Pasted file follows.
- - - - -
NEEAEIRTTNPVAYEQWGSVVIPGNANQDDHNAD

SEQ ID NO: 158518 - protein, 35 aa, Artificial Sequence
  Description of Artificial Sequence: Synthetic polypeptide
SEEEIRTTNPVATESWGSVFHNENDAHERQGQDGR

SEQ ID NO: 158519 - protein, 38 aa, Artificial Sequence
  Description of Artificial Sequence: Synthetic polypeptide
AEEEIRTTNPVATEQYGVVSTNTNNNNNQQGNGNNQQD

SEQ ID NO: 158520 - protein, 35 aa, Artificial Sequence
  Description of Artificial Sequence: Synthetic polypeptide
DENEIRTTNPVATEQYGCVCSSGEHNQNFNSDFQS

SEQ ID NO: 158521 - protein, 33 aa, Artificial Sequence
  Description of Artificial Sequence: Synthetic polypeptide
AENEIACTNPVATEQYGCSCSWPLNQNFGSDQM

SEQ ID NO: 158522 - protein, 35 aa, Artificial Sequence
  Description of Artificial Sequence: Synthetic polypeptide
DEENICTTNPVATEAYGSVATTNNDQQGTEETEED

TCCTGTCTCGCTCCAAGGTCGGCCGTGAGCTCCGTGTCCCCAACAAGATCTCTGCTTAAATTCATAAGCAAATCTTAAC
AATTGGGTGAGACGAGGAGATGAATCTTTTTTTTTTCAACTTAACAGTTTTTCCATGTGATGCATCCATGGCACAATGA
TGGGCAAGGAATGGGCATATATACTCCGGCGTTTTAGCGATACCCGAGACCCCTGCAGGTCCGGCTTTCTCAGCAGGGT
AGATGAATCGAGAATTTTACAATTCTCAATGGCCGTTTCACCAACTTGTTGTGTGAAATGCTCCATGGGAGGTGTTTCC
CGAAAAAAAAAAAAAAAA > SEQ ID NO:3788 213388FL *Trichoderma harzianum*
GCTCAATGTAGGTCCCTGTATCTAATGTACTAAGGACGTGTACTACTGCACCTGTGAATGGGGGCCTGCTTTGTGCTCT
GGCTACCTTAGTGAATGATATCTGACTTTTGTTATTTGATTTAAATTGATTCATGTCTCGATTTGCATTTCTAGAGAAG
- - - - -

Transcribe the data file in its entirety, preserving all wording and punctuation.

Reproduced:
NEEAEIRTTNPVAYEQWGSVVIPGNANQDDHNAD

SEQ ID NO: 158518 - protein, 35 aa, Artificial Sequence
  Description of Artificial Sequence: Synthetic polypeptide
SEEEIRTTNPVATESWGSVFHNENDAHERQGQDGR

SEQ ID NO: 158519 - protein, 38 aa, Artificial Sequence
  Description of Artificial Sequence: Synthetic polypeptide
AEEEIRTTNPVATEQYGVVSTNTNNNNNQQGNGNNQQD

SEQ ID NO: 158520 - protein, 35 aa, Artificial Sequence
  Description of Artificial Sequence: Synthetic polypeptide
DENEIRTTNPVATEQYGCVCSSGEHNQNFNSDFQS

SEQ ID NO: 158521 - protein, 33 aa, Artificial Sequence
  Description of Artificial Sequence: Synthetic polypeptide
AENEIACTNPVATEQYGCSCSWPLNQNFGSDQM

SEQ ID NO: 158522 - protein, 35 aa, Artificial Sequence
  Description of Artificial Sequence: Synthetic polypeptide
DEENICTTNPVATEAYGSVATTNNDQQGTEETEED

TCCTGTCTCGCTCCAAGGTCGGCCGTGAGCTCCGTGTCCCCAACAAGATCTCTGCTTAAATTCATAAGCAAATCTTAAC
AATTGGGTGAGACGAGGAGATGAATCTTTTTTTTTTCAACTTAACAGTTTTTCCATGTGATGCATCCATGGCACAATGA
TGGGCAAGGAATGGGCATATATACTCCGGCGTTTTAGCGATACCCGAGACCCCTGCAGGTCCGGCTTTCTCAGCAGGGT
AGATGAATCGAGAATTTTACAATTCTCAATGGCCGTTTCACCAACTTGTTGTGTGAAATGCTCCATGGGAGGTGTTTCC
CGAAAAAAAAAAAAAAAA > SEQ ID NO:3788 213388FL *Trichoderma harzianum*
GCTCAATGTAGGTCCCTGTATCTAATGTACTAAGGACGTGTACTACTGCACCTGTGAATGGGGGCCTGCTTTGTGCTCT
GGCTACCTTAGTGAATGATATCTGACTTTTGTTATTTGATTTAAATTGATTCATGTCTCGATTTGCATTTCTAGAGAAG